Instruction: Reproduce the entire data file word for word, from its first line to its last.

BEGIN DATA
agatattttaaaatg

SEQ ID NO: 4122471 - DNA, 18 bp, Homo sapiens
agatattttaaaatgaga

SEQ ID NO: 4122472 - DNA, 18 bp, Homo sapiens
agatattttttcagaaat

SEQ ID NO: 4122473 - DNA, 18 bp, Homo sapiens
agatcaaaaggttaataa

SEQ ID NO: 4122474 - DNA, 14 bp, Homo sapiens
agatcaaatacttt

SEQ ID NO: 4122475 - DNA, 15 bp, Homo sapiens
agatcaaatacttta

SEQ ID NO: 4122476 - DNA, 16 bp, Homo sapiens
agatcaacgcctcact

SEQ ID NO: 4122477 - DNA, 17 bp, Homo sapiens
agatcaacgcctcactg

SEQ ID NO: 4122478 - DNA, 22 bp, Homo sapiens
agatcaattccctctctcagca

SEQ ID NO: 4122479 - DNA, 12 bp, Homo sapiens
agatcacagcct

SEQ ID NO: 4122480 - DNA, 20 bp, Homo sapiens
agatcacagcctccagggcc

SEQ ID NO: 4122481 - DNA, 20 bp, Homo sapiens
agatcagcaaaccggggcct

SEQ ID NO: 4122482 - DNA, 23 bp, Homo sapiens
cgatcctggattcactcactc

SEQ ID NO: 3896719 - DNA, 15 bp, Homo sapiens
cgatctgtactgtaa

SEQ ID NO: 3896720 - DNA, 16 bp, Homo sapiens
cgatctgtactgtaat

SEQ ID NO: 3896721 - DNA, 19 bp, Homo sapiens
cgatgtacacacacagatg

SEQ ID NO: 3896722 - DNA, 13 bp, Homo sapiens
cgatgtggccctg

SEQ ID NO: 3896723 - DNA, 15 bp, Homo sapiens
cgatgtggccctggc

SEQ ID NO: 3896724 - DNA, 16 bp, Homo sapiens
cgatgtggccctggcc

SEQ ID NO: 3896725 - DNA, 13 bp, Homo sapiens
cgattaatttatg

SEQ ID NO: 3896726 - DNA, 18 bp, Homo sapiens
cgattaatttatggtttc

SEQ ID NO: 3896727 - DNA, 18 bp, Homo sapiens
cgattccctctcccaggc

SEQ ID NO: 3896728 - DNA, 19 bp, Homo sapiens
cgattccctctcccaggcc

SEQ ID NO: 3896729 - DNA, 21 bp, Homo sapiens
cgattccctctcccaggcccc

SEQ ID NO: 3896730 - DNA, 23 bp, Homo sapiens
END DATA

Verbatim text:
agatattttaaaatg

SEQ ID NO: 4122471 - DNA, 18 bp, Homo sapiens
agatattttaaaatgaga

SEQ ID NO: 4122472 - DNA, 18 bp, Homo sapiens
agatattttttcagaaat

SEQ ID NO: 4122473 - DNA, 18 bp, Homo sapiens
agatcaaaaggttaataa

SEQ ID NO: 4122474 - DNA, 14 bp, Homo sapiens
agatcaaatacttt

SEQ ID NO: 4122475 - DNA, 15 bp, Homo sapiens
agatcaaatacttta

SEQ ID NO: 4122476 - DNA, 16 bp, Homo sapiens
agatcaacgcctcact

SEQ ID NO: 4122477 - DNA, 17 bp, Homo sapiens
agatcaacgcctcactg

SEQ ID NO: 4122478 - DNA, 22 bp, Homo sapiens
agatcaattccctctctcagca

SEQ ID NO: 4122479 - DNA, 12 bp, Homo sapiens
agatcacagcct

SEQ ID NO: 4122480 - DNA, 20 bp, Homo sapiens
agatcacagcctccagggcc

SEQ ID NO: 4122481 - DNA, 20 bp, Homo sapiens
agatcagcaaaccggggcct

SEQ ID NO: 4122482 - DNA, 23 bp, Homo sapiens
cgatcctggattcactcactc

SEQ ID NO: 3896719 - DNA, 15 bp, Homo sapiens
cgatctgtactgtaa

SEQ ID NO: 3896720 - DNA, 16 bp, Homo sapiens
cgatctgtactgtaat

SEQ ID NO: 3896721 - DNA, 19 bp, Homo sapiens
cgatgtacacacacagatg

SEQ ID NO: 3896722 - DNA, 13 bp, Homo sapiens
cgatgtggccctg

SEQ ID NO: 3896723 - DNA, 15 bp, Homo sapiens
cgatgtggccctggc

SEQ ID NO: 3896724 - DNA, 16 bp, Homo sapiens
cgatgtggccctggcc

SEQ ID NO: 3896725 - DNA, 13 bp, Homo sapiens
cgattaatttatg

SEQ ID NO: 3896726 - DNA, 18 bp, Homo sapiens
cgattaatttatggtttc

SEQ ID NO: 3896727 - DNA, 18 bp, Homo sapiens
cgattccctctcccaggc

SEQ ID NO: 3896728 - DNA, 19 bp, Homo sapiens
cgattccctctcccaggcc

SEQ ID NO: 3896729 - DNA, 21 bp, Homo sapiens
cgattccctctcccaggcccc

SEQ ID NO: 3896730 - DNA, 23 bp, Homo sapiens